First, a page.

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Michael Cohen receives congressional subpoena

Cohen postpones testimony, citing "threats"
Michael Cohen postpones congressional testimony, says Trump and Giuliani threatened his family 05:59

With reporting by Paula Reid 

President Trump's former personal lawyer, Michael Cohen, has received a congressional subpoena to testify before the Senate Intelligence Committee, CBS News has confirmed. A source familiar with the subpoena confirmed it is for a closed hearing with the committee. Cohen's lawyer, Lanny Davis, told CBS News' Paula Reid in an interview Thursday that while the ground rules still need to be discussed, "Of course, Mr. Cohen intends to comply" with the subpoena.

The subpoena comes the day after Cohen postponed his planned testimony before the House Oversight Committee on Feb. 7, citing "ongoing threats" by President Trump and his lawyer Rudy Giuliani.

Davis is now calling for an immediate House censure of Mr. Trump, claiming he conducted obstruction and tampering with a congressional witness -- and a federal criminal investigation and possible indictment of Giuliani. Davis accused the president of witness tampering, not only because of the statements he's made that have been critical of Cohen, "but by attacking his family, which has nothing to do with whatever he has against Mr. Cohen for telling the truth," he told Reid.

Mr. Trump referred to Cohen's family in a tweet on Friday, saying that Cohen was "lying to reduce his jail time" and ended the tweet with "watch father-in-law!" Cohen was sentenced in December to three years in federal prison, followed by three years of supervised release, stemming from his guilty plea to campaign finance violations related to payments to women who claimed to have had affairs with Mr. Trump.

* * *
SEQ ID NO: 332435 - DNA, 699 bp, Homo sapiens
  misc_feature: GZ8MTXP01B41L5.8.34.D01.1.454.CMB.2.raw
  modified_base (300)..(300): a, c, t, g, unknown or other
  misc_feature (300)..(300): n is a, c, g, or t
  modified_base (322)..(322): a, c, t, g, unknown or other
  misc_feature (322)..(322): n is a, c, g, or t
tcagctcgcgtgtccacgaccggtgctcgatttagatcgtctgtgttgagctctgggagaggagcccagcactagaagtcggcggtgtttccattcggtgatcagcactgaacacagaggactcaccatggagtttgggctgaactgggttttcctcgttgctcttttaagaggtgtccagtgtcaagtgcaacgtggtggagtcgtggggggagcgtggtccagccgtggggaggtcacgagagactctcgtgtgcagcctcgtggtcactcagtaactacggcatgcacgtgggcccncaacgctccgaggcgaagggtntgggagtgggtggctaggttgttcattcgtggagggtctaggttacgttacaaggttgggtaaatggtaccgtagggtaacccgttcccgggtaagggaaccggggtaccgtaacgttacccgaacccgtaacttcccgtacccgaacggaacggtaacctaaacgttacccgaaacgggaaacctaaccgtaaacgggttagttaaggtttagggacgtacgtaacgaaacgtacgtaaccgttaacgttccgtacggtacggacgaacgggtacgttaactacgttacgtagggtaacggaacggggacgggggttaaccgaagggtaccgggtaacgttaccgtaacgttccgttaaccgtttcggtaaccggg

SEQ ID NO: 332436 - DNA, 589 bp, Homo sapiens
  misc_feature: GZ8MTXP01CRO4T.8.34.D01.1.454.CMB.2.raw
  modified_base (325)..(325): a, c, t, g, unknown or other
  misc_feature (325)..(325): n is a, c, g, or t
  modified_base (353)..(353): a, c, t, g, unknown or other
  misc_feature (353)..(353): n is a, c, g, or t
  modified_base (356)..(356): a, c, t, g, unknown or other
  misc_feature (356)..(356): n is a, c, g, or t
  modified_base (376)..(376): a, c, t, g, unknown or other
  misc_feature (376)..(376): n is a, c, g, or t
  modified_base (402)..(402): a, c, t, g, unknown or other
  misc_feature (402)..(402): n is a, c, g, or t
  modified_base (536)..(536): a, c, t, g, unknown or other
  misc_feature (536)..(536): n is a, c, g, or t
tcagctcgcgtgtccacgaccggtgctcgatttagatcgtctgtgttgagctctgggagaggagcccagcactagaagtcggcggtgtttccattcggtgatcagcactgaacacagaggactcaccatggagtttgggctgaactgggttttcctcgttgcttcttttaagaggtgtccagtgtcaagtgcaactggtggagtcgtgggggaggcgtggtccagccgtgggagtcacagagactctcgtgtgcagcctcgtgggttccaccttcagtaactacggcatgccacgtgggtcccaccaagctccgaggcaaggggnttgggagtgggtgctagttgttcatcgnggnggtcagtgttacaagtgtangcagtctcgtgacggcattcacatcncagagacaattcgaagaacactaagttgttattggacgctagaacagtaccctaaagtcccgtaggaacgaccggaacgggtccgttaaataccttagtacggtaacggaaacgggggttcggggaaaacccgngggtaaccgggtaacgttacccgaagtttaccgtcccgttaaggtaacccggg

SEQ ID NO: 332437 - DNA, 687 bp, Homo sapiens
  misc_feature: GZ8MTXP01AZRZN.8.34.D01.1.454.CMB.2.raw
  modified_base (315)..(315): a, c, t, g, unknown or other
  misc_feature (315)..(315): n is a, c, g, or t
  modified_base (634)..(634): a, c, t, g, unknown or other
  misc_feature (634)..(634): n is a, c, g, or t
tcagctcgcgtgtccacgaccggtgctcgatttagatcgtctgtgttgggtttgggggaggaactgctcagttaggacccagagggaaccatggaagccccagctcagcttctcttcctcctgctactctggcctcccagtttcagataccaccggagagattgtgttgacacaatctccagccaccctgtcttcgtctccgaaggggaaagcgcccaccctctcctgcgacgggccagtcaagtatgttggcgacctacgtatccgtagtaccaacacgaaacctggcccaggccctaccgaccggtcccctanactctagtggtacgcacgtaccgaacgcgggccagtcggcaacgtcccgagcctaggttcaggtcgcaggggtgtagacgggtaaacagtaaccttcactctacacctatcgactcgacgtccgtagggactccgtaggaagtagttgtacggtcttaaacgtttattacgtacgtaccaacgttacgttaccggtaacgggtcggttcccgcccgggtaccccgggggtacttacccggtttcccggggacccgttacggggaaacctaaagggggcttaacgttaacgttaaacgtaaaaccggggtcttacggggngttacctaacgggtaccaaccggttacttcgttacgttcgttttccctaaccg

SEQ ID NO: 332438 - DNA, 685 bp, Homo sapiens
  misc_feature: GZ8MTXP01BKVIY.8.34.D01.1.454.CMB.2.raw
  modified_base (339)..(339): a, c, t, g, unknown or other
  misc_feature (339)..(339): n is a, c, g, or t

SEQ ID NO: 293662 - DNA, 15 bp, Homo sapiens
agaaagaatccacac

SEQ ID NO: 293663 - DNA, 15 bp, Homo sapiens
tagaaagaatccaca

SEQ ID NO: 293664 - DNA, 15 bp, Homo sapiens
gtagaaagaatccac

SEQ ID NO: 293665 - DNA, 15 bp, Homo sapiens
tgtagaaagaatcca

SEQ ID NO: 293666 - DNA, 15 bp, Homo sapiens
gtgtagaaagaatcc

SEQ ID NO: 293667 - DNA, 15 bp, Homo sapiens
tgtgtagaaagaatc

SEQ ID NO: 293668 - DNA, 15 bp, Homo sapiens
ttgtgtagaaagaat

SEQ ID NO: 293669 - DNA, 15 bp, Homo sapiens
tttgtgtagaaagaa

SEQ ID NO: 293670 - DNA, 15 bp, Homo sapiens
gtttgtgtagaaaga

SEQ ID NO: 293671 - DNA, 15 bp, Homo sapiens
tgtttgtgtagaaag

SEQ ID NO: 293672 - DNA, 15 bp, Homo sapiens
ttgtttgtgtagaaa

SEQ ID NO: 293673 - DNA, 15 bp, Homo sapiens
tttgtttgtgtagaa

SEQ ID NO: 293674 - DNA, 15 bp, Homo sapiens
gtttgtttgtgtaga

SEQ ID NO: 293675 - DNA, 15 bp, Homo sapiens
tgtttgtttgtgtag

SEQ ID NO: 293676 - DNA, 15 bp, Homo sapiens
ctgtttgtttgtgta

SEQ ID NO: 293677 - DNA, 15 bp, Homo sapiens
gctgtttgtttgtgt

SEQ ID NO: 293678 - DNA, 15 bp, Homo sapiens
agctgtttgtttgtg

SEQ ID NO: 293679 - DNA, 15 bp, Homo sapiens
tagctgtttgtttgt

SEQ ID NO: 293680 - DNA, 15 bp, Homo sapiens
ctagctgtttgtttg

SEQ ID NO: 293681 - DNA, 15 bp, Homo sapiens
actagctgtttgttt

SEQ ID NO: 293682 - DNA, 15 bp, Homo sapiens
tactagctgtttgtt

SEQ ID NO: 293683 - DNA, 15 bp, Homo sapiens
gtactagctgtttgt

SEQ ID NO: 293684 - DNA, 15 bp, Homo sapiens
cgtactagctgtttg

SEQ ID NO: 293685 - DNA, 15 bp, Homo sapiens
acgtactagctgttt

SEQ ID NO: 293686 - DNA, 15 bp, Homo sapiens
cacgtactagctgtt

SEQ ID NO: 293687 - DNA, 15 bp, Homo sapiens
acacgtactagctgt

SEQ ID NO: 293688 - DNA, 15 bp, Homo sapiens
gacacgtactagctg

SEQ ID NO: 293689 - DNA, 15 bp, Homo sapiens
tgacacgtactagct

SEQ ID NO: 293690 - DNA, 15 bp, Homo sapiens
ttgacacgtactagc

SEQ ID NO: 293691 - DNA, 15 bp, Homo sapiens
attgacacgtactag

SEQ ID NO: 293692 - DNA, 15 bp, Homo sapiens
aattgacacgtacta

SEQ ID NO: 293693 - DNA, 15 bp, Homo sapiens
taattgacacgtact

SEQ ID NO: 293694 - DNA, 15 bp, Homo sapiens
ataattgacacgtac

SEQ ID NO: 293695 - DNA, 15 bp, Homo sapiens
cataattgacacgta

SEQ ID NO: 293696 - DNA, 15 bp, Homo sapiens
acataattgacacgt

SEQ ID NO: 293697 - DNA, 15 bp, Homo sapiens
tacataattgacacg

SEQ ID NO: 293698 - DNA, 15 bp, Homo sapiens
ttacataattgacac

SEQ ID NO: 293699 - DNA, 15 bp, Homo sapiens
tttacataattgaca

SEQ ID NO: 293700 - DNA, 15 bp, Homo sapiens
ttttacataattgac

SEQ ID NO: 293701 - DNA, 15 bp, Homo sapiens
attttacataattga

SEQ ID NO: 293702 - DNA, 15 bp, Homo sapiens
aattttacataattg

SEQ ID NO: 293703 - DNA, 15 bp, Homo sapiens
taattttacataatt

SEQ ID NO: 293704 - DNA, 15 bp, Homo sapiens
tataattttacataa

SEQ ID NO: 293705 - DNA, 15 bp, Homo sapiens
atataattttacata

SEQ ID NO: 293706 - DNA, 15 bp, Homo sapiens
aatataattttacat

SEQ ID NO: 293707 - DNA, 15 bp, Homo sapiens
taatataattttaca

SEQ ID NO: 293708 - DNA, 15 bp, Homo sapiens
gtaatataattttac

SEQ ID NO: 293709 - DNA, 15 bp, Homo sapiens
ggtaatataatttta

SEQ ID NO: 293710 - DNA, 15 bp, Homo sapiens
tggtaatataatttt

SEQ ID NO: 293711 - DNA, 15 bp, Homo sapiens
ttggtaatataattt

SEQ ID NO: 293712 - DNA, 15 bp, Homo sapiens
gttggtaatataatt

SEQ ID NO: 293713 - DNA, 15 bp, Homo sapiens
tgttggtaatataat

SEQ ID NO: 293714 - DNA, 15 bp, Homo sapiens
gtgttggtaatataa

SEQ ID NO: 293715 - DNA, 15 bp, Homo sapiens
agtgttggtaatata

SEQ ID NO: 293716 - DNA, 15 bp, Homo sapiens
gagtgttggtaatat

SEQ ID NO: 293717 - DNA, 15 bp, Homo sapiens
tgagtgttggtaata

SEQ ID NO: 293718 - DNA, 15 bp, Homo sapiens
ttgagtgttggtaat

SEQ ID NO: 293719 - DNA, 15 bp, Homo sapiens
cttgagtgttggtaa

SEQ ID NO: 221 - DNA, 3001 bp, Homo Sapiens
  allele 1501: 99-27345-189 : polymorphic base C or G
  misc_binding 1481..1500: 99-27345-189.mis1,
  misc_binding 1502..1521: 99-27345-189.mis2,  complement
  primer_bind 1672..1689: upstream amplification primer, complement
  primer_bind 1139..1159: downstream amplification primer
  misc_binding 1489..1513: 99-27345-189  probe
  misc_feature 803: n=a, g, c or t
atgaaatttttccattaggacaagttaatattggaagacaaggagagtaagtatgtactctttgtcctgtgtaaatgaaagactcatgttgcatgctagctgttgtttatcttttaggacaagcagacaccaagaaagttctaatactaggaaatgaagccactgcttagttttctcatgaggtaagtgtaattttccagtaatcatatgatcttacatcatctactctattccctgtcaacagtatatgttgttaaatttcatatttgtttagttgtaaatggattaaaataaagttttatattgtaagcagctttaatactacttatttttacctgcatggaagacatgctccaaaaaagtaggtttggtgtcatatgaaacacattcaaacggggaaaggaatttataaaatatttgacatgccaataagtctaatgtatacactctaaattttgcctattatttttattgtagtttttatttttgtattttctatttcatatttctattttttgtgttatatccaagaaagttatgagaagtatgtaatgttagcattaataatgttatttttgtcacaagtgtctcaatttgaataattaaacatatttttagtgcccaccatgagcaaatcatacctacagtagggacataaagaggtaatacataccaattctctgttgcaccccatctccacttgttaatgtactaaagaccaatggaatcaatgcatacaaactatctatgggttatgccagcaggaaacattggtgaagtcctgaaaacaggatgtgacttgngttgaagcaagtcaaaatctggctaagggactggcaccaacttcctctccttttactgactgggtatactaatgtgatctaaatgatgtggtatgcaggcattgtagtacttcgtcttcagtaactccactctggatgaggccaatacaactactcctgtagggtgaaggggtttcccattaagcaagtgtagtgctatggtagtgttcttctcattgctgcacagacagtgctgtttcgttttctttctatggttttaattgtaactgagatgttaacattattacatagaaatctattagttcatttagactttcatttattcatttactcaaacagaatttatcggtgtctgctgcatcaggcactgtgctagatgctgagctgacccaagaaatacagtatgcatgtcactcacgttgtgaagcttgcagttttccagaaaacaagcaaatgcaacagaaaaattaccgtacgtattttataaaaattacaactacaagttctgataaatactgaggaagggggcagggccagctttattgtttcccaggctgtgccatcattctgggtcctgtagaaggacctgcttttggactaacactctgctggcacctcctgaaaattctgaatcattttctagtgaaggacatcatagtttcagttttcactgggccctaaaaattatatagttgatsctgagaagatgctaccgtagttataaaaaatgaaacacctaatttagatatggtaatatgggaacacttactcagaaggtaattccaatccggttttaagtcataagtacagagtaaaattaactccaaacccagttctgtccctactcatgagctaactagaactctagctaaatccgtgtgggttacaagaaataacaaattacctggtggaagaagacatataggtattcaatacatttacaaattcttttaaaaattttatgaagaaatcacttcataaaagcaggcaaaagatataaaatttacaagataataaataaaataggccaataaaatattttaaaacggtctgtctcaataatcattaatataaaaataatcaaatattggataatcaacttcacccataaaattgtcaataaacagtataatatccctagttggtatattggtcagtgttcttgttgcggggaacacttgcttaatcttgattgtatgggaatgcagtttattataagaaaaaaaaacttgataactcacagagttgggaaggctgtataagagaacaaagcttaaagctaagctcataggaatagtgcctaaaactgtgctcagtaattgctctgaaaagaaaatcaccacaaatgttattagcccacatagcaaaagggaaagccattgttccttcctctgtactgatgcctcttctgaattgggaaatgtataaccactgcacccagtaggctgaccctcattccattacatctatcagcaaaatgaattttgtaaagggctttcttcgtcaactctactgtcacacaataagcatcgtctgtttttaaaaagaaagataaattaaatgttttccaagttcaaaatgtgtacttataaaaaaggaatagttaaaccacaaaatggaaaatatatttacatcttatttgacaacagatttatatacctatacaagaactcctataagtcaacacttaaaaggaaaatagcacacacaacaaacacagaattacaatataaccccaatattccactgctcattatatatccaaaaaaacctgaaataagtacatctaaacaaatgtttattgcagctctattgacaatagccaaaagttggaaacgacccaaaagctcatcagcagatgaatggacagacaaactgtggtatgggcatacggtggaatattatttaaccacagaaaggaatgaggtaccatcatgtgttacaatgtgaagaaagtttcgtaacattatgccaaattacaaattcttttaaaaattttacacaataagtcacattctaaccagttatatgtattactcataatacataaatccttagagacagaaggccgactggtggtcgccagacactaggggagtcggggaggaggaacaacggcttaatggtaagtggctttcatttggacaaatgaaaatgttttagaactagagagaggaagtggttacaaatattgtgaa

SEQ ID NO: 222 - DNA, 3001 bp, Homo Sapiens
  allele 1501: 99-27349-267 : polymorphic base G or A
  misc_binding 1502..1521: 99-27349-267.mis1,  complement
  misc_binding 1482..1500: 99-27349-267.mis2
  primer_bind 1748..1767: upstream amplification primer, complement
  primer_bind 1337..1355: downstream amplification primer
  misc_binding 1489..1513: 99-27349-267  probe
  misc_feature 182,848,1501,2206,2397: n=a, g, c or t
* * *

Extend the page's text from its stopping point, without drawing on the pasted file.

A few days ago, Giuliani suggested Cohen's father-in-law might have mob connections, saying on CNN's "State of the Union," "He may have ties to something called organized crime." He also said of Cohen's father-in-law, "The man was involved in criminal activity with Michael Cohen."

Earlier this month, Cohen agreed to testify before the House Oversight Committee. Committee Chairman Elijah Cummings said in a statement at the time that the Democratic majority in the House showed that the public wants Congress "to serve as an independent check and balance on the Executive Branch by restoring accountability and transparency," and that Cohen's testimony would be a part of that mission.

Cummings told reporters Wednesday that Cohen's sense of being threatened by the president is "simply unacceptable in a democracy," and he vowed that the committee would hear from Cohen.

The announcement comes after the publication of a controversial BuzzFeed report that said Mr. Trump had instructed his longtime personal lawyer Michael Cohen to lie to Congress about the Moscow Trump Tower talks, a report refuted by the special counsel's office.

Richard Escobedo contributed to this report.

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